Jerry Cerasale, senior vice president for government affairs of the Direct Marketing Association, which represents some 3,400 companies, says the written permission “requires a signature and phone number.” He said companies may obtain the form and an electronic signature by e-mail, but he is unaware of any permission slip that will be mailed to consumers.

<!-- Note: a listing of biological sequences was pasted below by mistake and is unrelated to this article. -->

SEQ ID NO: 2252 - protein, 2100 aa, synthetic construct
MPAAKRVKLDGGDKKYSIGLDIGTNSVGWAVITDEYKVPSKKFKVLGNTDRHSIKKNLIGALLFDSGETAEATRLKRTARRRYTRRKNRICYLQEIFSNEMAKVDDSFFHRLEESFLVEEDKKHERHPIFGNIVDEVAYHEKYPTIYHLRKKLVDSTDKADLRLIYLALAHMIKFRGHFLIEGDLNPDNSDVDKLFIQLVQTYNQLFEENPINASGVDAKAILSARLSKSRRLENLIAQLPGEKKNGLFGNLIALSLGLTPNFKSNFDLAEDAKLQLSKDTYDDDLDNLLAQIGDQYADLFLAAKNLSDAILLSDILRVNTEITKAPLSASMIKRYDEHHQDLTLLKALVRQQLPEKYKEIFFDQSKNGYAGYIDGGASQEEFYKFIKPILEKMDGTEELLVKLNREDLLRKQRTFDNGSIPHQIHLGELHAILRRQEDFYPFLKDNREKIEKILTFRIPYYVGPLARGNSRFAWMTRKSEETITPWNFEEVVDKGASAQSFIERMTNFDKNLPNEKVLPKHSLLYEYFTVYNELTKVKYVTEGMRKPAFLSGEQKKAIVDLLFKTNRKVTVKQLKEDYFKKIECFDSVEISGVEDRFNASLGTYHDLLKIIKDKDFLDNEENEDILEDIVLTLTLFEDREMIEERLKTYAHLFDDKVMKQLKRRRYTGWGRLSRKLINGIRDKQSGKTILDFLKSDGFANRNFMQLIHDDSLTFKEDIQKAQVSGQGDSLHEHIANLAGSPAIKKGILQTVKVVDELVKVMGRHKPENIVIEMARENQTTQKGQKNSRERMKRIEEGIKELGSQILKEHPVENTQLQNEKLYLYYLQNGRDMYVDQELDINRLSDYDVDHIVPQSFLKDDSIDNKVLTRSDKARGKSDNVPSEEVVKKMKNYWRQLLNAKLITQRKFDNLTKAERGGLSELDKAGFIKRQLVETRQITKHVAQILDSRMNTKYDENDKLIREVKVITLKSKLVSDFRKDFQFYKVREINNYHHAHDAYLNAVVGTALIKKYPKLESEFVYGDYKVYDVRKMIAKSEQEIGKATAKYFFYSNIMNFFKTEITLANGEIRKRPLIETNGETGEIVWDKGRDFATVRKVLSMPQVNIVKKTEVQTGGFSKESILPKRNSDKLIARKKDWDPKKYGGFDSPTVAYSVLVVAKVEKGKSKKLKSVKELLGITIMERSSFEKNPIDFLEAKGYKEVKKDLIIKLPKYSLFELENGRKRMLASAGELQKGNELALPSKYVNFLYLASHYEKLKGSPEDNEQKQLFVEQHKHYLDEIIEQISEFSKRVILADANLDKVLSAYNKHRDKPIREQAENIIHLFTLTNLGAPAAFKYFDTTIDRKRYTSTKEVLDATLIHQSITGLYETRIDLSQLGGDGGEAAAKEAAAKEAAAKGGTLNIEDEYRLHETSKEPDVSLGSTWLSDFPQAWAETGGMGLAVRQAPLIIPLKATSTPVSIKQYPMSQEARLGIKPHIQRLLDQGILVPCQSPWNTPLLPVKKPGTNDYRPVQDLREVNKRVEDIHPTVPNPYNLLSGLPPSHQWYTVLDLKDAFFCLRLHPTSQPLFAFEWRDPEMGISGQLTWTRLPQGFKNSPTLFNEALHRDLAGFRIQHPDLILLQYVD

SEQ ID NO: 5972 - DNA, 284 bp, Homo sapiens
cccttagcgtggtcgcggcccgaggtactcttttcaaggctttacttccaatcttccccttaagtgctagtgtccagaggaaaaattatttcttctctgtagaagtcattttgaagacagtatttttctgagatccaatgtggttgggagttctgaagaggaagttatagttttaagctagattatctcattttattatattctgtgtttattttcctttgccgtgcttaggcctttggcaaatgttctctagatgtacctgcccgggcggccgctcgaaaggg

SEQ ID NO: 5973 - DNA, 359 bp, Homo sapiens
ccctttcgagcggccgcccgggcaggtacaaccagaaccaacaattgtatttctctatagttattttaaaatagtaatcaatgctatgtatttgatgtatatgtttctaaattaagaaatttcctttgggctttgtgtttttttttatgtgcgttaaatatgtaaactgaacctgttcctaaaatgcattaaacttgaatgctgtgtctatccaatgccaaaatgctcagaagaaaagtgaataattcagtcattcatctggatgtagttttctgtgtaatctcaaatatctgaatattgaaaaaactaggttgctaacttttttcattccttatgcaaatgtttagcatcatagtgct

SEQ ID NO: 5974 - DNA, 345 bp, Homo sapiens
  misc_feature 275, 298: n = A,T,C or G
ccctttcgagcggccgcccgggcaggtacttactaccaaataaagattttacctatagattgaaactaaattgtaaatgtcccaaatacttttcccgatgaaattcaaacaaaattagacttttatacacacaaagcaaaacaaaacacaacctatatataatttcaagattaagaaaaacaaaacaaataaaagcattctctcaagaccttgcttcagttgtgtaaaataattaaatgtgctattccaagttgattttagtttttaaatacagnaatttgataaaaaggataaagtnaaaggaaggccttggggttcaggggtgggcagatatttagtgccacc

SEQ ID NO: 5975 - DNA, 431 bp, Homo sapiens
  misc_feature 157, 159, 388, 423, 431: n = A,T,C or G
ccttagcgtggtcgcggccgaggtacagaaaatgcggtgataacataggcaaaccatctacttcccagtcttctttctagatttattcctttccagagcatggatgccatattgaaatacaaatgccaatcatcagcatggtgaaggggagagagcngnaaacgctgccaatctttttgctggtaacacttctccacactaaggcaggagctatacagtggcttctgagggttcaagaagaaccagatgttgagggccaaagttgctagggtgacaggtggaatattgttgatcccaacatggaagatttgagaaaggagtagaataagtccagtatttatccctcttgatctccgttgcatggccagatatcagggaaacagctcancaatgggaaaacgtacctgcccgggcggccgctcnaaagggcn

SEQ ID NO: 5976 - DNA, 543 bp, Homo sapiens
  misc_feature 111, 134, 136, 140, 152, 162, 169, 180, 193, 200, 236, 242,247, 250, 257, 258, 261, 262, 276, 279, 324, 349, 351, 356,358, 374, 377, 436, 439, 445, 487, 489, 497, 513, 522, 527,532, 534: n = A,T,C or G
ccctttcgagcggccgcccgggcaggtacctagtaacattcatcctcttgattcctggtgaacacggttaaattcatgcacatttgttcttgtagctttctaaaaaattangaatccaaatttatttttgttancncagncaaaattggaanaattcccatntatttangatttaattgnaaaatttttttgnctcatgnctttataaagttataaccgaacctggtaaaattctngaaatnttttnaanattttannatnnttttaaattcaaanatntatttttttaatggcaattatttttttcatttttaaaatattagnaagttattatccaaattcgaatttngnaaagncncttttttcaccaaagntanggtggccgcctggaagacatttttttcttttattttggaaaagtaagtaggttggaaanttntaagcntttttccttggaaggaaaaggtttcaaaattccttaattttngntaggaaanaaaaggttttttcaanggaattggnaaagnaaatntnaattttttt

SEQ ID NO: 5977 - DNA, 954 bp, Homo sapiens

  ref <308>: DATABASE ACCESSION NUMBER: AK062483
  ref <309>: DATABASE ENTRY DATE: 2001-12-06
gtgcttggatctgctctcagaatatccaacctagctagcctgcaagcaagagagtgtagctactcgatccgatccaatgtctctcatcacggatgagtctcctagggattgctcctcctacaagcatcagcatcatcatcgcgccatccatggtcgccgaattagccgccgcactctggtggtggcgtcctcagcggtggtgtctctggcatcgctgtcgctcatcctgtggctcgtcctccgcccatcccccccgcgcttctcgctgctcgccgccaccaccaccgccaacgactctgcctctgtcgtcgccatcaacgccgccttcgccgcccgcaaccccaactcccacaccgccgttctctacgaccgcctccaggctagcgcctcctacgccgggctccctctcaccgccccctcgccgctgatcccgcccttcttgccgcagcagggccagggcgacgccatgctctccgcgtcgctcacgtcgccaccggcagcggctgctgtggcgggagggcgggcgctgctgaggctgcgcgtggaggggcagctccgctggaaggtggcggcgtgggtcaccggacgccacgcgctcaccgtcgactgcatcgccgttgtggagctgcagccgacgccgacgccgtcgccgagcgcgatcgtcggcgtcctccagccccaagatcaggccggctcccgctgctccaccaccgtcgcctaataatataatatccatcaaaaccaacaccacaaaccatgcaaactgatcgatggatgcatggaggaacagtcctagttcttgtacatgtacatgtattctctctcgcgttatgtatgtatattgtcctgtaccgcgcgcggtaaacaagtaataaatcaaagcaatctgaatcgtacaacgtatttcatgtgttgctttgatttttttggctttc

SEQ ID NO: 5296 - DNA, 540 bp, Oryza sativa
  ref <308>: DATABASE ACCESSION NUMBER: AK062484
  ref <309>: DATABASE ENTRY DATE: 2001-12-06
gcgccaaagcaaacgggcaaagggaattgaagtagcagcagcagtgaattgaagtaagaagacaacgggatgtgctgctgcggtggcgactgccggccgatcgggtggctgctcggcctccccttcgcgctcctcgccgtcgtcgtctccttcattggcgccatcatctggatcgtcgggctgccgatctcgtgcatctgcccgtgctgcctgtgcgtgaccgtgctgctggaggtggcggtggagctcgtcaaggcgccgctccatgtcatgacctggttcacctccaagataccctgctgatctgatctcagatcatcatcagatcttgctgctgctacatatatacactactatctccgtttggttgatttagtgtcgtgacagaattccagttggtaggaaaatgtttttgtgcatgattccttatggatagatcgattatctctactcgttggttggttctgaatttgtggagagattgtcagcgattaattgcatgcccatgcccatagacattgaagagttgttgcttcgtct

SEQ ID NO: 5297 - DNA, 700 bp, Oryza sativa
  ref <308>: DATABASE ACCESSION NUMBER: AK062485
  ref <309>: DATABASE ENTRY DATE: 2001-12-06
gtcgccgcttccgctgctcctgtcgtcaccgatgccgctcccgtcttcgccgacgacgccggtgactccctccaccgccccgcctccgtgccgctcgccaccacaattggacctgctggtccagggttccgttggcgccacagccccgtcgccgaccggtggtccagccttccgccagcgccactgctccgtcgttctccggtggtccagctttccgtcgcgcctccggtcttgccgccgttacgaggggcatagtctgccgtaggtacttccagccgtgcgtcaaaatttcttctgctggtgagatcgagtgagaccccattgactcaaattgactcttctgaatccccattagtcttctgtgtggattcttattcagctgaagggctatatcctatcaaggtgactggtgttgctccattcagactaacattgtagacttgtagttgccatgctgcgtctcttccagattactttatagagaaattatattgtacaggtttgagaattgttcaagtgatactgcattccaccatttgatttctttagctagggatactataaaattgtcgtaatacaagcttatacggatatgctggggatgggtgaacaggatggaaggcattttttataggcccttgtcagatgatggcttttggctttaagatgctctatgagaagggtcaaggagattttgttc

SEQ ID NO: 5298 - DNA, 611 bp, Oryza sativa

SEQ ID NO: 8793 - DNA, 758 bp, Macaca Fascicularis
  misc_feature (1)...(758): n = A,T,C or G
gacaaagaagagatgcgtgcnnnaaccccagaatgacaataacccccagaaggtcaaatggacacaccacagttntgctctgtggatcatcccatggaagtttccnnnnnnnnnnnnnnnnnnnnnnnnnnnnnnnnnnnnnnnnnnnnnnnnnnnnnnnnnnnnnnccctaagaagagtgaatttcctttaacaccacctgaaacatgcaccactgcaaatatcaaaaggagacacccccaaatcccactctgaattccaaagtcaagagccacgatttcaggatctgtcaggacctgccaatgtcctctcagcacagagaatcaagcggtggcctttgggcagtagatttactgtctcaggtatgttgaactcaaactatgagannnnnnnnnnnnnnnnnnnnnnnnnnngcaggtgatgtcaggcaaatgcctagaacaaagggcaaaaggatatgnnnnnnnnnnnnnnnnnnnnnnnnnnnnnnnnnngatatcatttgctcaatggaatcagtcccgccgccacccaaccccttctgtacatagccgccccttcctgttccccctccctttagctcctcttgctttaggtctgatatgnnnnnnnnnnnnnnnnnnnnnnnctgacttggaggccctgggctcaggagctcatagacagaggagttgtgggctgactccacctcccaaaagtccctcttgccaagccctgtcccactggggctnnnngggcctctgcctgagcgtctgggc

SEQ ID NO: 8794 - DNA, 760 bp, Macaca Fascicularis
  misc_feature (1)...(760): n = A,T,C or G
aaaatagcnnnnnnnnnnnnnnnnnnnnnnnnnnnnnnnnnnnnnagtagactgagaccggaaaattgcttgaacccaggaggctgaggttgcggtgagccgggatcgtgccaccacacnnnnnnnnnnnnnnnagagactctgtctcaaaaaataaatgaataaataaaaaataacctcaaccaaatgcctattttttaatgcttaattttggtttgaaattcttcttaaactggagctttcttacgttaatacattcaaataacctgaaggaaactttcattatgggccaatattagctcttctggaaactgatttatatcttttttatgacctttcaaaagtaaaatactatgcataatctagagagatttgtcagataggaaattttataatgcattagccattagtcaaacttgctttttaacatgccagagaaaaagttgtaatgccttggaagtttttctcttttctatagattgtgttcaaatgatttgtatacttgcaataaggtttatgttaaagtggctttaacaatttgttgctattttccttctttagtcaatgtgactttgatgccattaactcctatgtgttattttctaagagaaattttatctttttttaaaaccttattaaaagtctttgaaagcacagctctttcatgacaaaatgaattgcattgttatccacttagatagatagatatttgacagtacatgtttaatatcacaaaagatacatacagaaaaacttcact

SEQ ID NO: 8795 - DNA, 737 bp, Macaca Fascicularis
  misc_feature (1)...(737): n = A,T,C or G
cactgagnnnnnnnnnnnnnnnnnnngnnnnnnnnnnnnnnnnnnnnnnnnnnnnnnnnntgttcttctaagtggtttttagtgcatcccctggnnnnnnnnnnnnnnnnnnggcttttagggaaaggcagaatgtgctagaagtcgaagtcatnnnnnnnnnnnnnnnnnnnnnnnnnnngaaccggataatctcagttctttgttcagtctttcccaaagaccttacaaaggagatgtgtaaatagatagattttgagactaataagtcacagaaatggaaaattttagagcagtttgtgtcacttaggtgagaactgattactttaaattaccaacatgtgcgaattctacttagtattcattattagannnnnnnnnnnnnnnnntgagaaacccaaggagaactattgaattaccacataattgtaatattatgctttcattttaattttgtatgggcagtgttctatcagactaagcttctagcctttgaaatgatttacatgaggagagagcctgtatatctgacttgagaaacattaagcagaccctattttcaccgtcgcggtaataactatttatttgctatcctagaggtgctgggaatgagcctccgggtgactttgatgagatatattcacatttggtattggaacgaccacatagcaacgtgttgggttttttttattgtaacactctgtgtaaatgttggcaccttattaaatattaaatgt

The DMA opposed the rule that takes effect today. “We understand that prerecorded calls to customers were a cost-effective means to offer goods and services,” Cerasale says.
The American Teleservices Association, which represents call centers and other companies engaged in telemarketing as well as e-mail and Internet sales and service, did not respond to a phone call seeking comment about the robocall restrictions.
Sid Kirchheimer writes about consumer and health issues.